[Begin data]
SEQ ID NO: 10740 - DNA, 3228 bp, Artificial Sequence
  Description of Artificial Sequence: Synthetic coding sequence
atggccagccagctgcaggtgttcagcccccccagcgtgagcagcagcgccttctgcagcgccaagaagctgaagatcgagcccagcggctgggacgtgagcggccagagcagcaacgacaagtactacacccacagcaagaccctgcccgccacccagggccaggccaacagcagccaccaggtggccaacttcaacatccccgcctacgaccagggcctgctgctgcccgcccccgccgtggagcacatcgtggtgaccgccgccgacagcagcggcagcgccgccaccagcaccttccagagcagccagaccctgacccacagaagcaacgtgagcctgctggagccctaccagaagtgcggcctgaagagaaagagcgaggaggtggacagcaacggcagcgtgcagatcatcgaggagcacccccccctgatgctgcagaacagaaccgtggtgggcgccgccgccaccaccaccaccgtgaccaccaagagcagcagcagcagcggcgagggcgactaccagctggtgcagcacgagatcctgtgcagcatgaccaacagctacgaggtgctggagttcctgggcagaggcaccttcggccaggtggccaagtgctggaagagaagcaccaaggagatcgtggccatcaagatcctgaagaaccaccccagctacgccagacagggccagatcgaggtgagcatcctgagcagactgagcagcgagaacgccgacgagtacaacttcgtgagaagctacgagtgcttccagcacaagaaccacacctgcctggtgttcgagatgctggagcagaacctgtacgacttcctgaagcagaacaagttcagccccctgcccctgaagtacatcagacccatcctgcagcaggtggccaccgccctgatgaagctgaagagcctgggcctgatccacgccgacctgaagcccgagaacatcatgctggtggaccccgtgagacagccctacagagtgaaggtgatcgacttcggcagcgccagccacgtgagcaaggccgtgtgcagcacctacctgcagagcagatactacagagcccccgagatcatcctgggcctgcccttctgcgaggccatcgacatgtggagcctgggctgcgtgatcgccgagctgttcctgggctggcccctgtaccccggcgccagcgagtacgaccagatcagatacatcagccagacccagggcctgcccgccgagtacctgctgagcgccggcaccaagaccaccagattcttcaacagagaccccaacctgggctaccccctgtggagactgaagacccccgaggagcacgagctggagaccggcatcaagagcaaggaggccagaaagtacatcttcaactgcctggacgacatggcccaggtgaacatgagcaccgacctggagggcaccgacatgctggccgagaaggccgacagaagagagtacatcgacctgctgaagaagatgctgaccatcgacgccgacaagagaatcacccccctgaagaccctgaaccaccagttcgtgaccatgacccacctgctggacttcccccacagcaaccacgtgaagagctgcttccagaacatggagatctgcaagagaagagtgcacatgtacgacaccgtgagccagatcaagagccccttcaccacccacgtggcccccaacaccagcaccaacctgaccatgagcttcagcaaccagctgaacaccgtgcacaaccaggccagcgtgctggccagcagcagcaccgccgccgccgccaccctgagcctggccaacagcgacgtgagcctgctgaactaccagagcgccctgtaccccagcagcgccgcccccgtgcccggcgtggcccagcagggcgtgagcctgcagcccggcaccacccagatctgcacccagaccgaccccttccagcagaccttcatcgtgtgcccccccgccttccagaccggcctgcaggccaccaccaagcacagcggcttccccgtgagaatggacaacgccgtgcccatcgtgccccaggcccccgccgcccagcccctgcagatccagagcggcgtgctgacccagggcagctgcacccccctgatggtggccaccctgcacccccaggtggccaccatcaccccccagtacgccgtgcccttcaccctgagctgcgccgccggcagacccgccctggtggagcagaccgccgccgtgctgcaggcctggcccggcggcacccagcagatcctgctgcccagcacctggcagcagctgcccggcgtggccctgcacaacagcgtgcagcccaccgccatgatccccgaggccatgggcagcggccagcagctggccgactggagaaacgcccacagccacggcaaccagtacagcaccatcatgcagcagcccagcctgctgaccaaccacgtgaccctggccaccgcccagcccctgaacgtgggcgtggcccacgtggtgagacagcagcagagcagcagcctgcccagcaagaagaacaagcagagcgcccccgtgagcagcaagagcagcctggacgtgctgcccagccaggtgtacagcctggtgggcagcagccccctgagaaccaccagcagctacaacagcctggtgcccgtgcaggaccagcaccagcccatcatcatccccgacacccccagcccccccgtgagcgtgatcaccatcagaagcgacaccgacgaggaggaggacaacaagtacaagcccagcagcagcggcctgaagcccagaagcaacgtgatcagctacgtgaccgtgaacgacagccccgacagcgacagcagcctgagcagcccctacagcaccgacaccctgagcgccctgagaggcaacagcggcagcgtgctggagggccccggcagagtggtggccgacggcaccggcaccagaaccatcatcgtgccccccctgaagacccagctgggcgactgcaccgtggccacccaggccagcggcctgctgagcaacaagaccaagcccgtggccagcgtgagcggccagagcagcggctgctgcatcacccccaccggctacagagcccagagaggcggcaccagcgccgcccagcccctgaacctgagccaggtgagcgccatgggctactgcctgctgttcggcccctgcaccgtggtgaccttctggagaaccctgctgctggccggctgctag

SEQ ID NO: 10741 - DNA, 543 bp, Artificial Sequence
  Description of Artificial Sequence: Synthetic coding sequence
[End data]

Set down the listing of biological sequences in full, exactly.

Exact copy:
SEQ ID NO: 10740 - DNA, 3228 bp, Artificial Sequence
  Description of Artificial Sequence: Synthetic coding sequence
atggccagccagctgcaggtgttcagcccccccagcgtgagcagcagcgccttctgcagcgccaagaagctgaagatcgagcccagcggctgggacgtgagcggccagagcagcaacgacaagtactacacccacagcaagaccctgcccgccacccagggccaggccaacagcagccaccaggtggccaacttcaacatccccgcctacgaccagggcctgctgctgcccgcccccgccgtggagcacatcgtggtgaccgccgccgacagcagcggcagcgccgccaccagcaccttccagagcagccagaccctgacccacagaagcaacgtgagcctgctggagccctaccagaagtgcggcctgaagagaaagagcgaggaggtggacagcaacggcagcgtgcagatcatcgaggagcacccccccctgatgctgcagaacagaaccgtggtgggcgccgccgccaccaccaccaccgtgaccaccaagagcagcagcagcagcggcgagggcgactaccagctggtgcagcacgagatcctgtgcagcatgaccaacagctacgaggtgctggagttcctgggcagaggcaccttcggccaggtggccaagtgctggaagagaagcaccaaggagatcgtggccatcaagatcctgaagaaccaccccagctacgccagacagggccagatcgaggtgagcatcctgagcagactgagcagcgagaacgccgacgagtacaacttcgtgagaagctacgagtgcttccagcacaagaaccacacctgcctggtgttcgagatgctggagcagaacctgtacgacttcctgaagcagaacaagttcagccccctgcccctgaagtacatcagacccatcctgcagcaggtggccaccgccctgatgaagctgaagagcctgggcctgatccacgccgacctgaagcccgagaacatcatgctggtggaccccgtgagacagccctacagagtgaaggtgatcgacttcggcagcgccagccacgtgagcaaggccgtgtgcagcacctacctgcagagcagatactacagagcccccgagatcatcctgggcctgcccttctgcgaggccatcgacatgtggagcctgggctgcgtgatcgccgagctgttcctgggctggcccctgtaccccggcgccagcgagtacgaccagatcagatacatcagccagacccagggcctgcccgccgagtacctgctgagcgccggcaccaagaccaccagattcttcaacagagaccccaacctgggctaccccctgtggagactgaagacccccgaggagcacgagctggagaccggcatcaagagcaaggaggccagaaagtacatcttcaactgcctggacgacatggcccaggtgaacatgagcaccgacctggagggcaccgacatgctggccgagaaggccgacagaagagagtacatcgacctgctgaagaagatgctgaccatcgacgccgacaagagaatcacccccctgaagaccctgaaccaccagttcgtgaccatgacccacctgctggacttcccccacagcaaccacgtgaagagctgcttccagaacatggagatctgcaagagaagagtgcacatgtacgacaccgtgagccagatcaagagccccttcaccacccacgtggcccccaacaccagcaccaacctgaccatgagcttcagcaaccagctgaacaccgtgcacaaccaggccagcgtgctggccagcagcagcaccgccgccgccgccaccctgagcctggccaacagcgacgtgagcctgctgaactaccagagcgccctgtaccccagcagcgccgcccccgtgcccggcgtggcccagcagggcgtgagcctgcagcccggcaccacccagatctgcacccagaccgaccccttccagcagaccttcatcgtgtgcccccccgccttccagaccggcctgcaggccaccaccaagcacagcggcttccccgtgagaatggacaacgccgtgcccatcgtgccccaggcccccgccgcccagcccctgcagatccagagcggcgtgctgacccagggcagctgcacccccctgatggtggccaccctgcacccccaggtggccaccatcaccccccagtacgccgtgcccttcaccctgagctgcgccgccggcagacccgccctggtggagcagaccgccgccgtgctgcaggcctggcccggcggcacccagcagatcctgctgcccagcacctggcagcagctgcccggcgtggccctgcacaacagcgtgcagcccaccgccatgatccccgaggccatgggcagcggccagcagctggccgactggagaaacgcccacagccacggcaaccagtacagcaccatcatgcagcagcccagcctgctgaccaaccacgtgaccctggccaccgcccagcccctgaacgtgggcgtggcccacgtggtgagacagcagcagagcagcagcctgcccagcaagaagaacaagcagagcgcccccgtgagcagcaagagcagcctggacgtgctgcccagccaggtgtacagcctggtgggcagcagccccctgagaaccaccagcagctacaacagcctggtgcccgtgcaggaccagcaccagcccatcatcatccccgacacccccagcccccccgtgagcgtgatcaccatcagaagcgacaccgacgaggaggaggacaacaagtacaagcccagcagcagcggcctgaagcccagaagcaacgtgatcagctacgtgaccgtgaacgacagccccgacagcgacagcagcctgagcagcccctacagcaccgacaccctgagcgccctgagaggcaacagcggcagcgtgctggagggccccggcagagtggtggccgacggcaccggcaccagaaccatcatcgtgccccccctgaagacccagctgggcgactgcaccgtggccacccaggccagcggcctgctgagcaacaagaccaagcccgtggccagcgtgagcggccagagcagcggctgctgcatcacccccaccggctacagagcccagagaggcggcaccagcgccgcccagcccctgaacctgagccaggtgagcgccatgggctactgcctgctgttcggcccctgcaccgtggtgaccttctggagaaccctgctgctggccggctgctag

SEQ ID NO: 10741 - DNA, 543 bp, Artificial Sequence
  Description of Artificial Sequence: Synthetic coding sequence